Longview students get certified as auto technicians

KLTV’s Jamey Boyum talks with Longview High School Automotive students Calie Logan and Jesse...
KLTV’s Jamey Boyum talks with Longview High School Automotive students Calie Logan and Jesse Duplissey IV.
Published: Jan. 28, 2022 at 1:08 PM CST
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LONGVIEW, Texas (KLTV) - If you want to become a certified auto technician, it can be done while in high school these days, at least at Longview High School. Some of those automotive students recently participated in an automotive repair competition to see just how fast they can figure out what’s wrong with a vehicle.

Automotive Instructor Paul Bouis and seniors Calie Logan and Jesse Duplissey IV are doing some realignment work in one big garage inside Longview High School. The students became interested in auto repair for completely different reasons.

“My dad and my uncle,” Jesse said.

“Well, I took influence after my dad,” Calie said.

Maybe not so different. Their teacher is part of the National Automotive Technicians Education Foundation and is qualified to get his students certified if they work hard enough. In December, the students were involved in a competition at Lone Star Speedway.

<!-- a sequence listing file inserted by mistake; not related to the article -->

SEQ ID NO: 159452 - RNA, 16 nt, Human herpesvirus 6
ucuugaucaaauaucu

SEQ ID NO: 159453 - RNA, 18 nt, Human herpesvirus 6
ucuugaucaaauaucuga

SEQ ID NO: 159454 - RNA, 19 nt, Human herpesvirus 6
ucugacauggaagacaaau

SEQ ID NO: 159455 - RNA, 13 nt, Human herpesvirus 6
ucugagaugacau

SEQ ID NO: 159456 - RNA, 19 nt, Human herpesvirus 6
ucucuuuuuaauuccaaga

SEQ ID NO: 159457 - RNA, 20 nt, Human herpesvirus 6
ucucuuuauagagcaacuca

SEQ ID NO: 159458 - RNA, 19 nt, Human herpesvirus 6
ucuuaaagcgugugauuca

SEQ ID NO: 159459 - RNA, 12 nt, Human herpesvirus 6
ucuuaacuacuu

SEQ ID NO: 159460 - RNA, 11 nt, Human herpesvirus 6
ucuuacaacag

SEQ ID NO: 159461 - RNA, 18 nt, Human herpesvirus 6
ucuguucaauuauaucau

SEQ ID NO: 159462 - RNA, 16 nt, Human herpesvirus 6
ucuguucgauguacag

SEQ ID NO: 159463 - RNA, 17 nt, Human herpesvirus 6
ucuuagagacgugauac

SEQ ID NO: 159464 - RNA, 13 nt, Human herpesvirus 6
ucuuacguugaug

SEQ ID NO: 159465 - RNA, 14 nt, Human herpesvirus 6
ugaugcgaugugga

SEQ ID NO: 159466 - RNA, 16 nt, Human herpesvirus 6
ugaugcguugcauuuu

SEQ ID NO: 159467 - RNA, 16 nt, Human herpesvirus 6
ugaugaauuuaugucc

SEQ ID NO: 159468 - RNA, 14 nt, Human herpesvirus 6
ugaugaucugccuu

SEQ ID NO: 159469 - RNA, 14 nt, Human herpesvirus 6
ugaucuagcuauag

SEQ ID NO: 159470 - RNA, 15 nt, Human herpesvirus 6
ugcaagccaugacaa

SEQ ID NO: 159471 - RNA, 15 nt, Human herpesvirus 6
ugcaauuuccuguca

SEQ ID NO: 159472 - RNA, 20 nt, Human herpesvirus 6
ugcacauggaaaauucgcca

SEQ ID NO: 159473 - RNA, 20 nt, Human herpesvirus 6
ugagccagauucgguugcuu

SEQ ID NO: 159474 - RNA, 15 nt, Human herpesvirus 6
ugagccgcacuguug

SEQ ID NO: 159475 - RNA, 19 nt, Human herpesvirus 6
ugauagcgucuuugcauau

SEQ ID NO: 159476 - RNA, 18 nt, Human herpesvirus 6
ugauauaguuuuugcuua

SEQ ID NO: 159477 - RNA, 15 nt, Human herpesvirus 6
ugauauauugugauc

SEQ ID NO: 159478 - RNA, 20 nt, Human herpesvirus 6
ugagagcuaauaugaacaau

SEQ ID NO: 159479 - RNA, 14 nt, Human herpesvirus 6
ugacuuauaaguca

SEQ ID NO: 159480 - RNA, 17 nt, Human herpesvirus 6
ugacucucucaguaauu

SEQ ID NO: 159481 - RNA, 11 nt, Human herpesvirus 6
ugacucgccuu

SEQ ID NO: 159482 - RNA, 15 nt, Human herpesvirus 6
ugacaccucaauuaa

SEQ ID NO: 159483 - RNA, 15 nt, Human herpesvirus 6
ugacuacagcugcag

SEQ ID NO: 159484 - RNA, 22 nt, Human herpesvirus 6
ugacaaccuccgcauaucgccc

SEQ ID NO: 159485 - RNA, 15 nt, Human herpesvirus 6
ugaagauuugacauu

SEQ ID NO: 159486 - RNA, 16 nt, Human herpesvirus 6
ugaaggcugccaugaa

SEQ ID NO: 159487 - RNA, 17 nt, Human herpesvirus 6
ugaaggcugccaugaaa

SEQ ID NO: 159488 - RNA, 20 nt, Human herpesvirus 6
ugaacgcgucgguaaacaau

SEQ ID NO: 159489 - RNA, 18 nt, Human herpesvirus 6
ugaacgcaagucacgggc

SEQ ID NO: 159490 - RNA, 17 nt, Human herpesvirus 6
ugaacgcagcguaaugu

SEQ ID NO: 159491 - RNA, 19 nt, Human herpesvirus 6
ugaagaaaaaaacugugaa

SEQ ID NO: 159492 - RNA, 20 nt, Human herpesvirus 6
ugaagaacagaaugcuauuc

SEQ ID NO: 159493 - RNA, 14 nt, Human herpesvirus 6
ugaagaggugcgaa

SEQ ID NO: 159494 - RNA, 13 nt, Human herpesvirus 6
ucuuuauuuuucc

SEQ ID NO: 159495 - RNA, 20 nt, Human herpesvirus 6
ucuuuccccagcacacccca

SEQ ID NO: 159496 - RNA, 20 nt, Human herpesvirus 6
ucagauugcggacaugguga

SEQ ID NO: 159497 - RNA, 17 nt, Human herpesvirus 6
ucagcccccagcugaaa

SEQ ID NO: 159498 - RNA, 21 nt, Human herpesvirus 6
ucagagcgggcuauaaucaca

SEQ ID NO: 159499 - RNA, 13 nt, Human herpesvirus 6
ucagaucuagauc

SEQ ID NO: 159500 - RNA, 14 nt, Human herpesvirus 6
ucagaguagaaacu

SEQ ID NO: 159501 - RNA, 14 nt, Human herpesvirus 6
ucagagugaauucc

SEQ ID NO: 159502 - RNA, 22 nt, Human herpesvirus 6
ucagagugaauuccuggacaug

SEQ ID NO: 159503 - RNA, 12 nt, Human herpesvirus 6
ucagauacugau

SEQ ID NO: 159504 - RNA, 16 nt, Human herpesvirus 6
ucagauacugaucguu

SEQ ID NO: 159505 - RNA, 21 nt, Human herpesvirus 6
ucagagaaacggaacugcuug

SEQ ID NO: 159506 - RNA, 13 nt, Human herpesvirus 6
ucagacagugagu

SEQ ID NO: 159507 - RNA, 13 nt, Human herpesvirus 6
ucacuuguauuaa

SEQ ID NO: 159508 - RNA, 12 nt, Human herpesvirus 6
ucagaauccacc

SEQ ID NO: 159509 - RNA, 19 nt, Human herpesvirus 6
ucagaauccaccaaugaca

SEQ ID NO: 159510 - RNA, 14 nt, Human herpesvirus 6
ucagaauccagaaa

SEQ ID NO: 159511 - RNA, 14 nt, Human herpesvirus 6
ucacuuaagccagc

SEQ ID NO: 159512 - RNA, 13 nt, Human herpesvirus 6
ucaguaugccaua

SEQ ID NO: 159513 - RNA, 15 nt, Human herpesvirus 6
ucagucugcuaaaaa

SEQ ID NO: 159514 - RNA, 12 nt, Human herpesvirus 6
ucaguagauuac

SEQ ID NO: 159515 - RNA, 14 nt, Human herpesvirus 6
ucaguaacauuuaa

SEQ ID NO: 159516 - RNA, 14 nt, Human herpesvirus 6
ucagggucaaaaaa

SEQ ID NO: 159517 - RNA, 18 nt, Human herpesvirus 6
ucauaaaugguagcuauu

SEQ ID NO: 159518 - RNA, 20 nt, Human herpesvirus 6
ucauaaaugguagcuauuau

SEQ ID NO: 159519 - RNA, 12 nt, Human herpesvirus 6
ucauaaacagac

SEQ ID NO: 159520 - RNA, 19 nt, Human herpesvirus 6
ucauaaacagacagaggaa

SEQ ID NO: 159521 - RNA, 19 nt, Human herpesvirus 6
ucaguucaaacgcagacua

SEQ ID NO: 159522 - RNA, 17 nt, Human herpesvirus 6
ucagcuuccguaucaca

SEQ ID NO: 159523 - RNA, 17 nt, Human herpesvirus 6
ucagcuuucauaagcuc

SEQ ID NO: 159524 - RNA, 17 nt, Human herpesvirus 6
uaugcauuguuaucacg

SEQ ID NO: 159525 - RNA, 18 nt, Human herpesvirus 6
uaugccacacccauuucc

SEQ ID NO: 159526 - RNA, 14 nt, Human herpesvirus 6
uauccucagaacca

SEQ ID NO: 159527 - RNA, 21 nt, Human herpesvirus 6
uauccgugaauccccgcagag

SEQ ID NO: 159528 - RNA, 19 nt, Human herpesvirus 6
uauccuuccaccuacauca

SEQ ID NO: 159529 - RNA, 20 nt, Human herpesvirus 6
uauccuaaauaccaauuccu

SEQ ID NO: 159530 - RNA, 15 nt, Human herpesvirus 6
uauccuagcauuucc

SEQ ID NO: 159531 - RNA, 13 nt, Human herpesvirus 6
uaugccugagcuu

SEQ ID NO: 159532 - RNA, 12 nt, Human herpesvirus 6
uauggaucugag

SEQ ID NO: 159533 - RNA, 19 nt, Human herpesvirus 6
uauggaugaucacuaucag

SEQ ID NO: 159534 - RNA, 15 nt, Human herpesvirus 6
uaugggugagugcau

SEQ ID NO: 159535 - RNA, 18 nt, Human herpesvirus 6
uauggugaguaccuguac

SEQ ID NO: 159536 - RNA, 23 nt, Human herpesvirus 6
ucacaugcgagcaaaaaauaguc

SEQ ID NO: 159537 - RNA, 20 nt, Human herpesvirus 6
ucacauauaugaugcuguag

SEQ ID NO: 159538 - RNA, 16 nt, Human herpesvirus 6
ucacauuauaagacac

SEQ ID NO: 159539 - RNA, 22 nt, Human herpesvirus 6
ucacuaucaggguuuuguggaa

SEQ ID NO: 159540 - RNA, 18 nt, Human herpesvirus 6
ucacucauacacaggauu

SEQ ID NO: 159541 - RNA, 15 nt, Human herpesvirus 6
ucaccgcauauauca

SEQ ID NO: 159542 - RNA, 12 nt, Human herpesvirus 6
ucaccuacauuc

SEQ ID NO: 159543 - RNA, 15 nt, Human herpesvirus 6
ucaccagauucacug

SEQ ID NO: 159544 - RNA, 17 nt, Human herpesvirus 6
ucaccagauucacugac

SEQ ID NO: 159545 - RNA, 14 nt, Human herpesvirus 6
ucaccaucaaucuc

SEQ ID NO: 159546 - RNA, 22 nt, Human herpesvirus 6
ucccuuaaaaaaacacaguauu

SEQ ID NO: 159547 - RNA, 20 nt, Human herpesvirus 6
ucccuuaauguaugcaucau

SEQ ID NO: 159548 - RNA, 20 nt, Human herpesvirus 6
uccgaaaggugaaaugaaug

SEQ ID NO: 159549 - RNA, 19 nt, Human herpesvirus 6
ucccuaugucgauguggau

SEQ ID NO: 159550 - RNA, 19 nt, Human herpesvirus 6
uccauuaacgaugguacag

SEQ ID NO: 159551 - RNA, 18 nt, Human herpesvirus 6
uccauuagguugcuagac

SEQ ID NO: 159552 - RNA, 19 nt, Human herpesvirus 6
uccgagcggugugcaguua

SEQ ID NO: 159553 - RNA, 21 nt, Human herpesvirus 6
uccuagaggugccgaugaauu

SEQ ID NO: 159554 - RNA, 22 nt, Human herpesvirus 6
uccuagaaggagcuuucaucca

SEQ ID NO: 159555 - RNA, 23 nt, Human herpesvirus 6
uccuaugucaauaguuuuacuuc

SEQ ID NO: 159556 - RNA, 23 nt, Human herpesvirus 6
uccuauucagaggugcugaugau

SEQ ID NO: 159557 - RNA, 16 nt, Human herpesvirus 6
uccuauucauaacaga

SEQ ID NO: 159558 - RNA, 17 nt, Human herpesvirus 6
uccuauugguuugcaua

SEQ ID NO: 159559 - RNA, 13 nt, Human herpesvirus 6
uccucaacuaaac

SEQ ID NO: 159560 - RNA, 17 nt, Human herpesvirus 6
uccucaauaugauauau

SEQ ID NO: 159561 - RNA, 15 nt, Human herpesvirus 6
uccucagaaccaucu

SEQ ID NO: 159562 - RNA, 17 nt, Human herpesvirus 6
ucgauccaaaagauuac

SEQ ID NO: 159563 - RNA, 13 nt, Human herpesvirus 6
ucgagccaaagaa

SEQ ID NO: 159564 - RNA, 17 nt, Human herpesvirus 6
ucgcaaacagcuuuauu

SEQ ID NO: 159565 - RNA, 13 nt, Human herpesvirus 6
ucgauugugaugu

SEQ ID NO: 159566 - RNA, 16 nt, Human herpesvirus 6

“When you go around a vehicle and look for inspection of the vehicle, check wipers and all this type stuff. They bugged a car and they had to tell them exactly what was wrong. And then they had to tell them what it’s going to take to fix it,” Bouis said.

The North Texas Automobile Dealers Auto Tech Competition is put on by car dealerships and tests students’ knowledge of tools, service information, and diagnosis and repair.

“A little bit more challenging in the electrical area. Maintenance, we kind of missed a few things but we learned after that one. So, it was pretty fun, learning, eye-opening,” Calie said.

There’s also a mock job interview by dealerships.

“I must have done pretty good on the interview part because he told me I had a job, plus he’d pay for my college if I went up to Dallas,” Jesse said.

Jesse says he has different aspirations.

“I like power. I like racing, so I’m probably going to go to SAMS, which is in Houston. It’s a school meant for building engines, making power,” Jesse said.

Calie has a job at a restaurant right now.

“But I plan on getting out of the food industry like maybe an actual dealership, but I’m still contemplating on which one I want to go to,” Calie said.

Not yet out of high school, and their careers are revving up.

Bouis says he teaches a four-year program and certifications depend on how hard the student wants to work. Classic Toyota sponsored the student’s competition in December.

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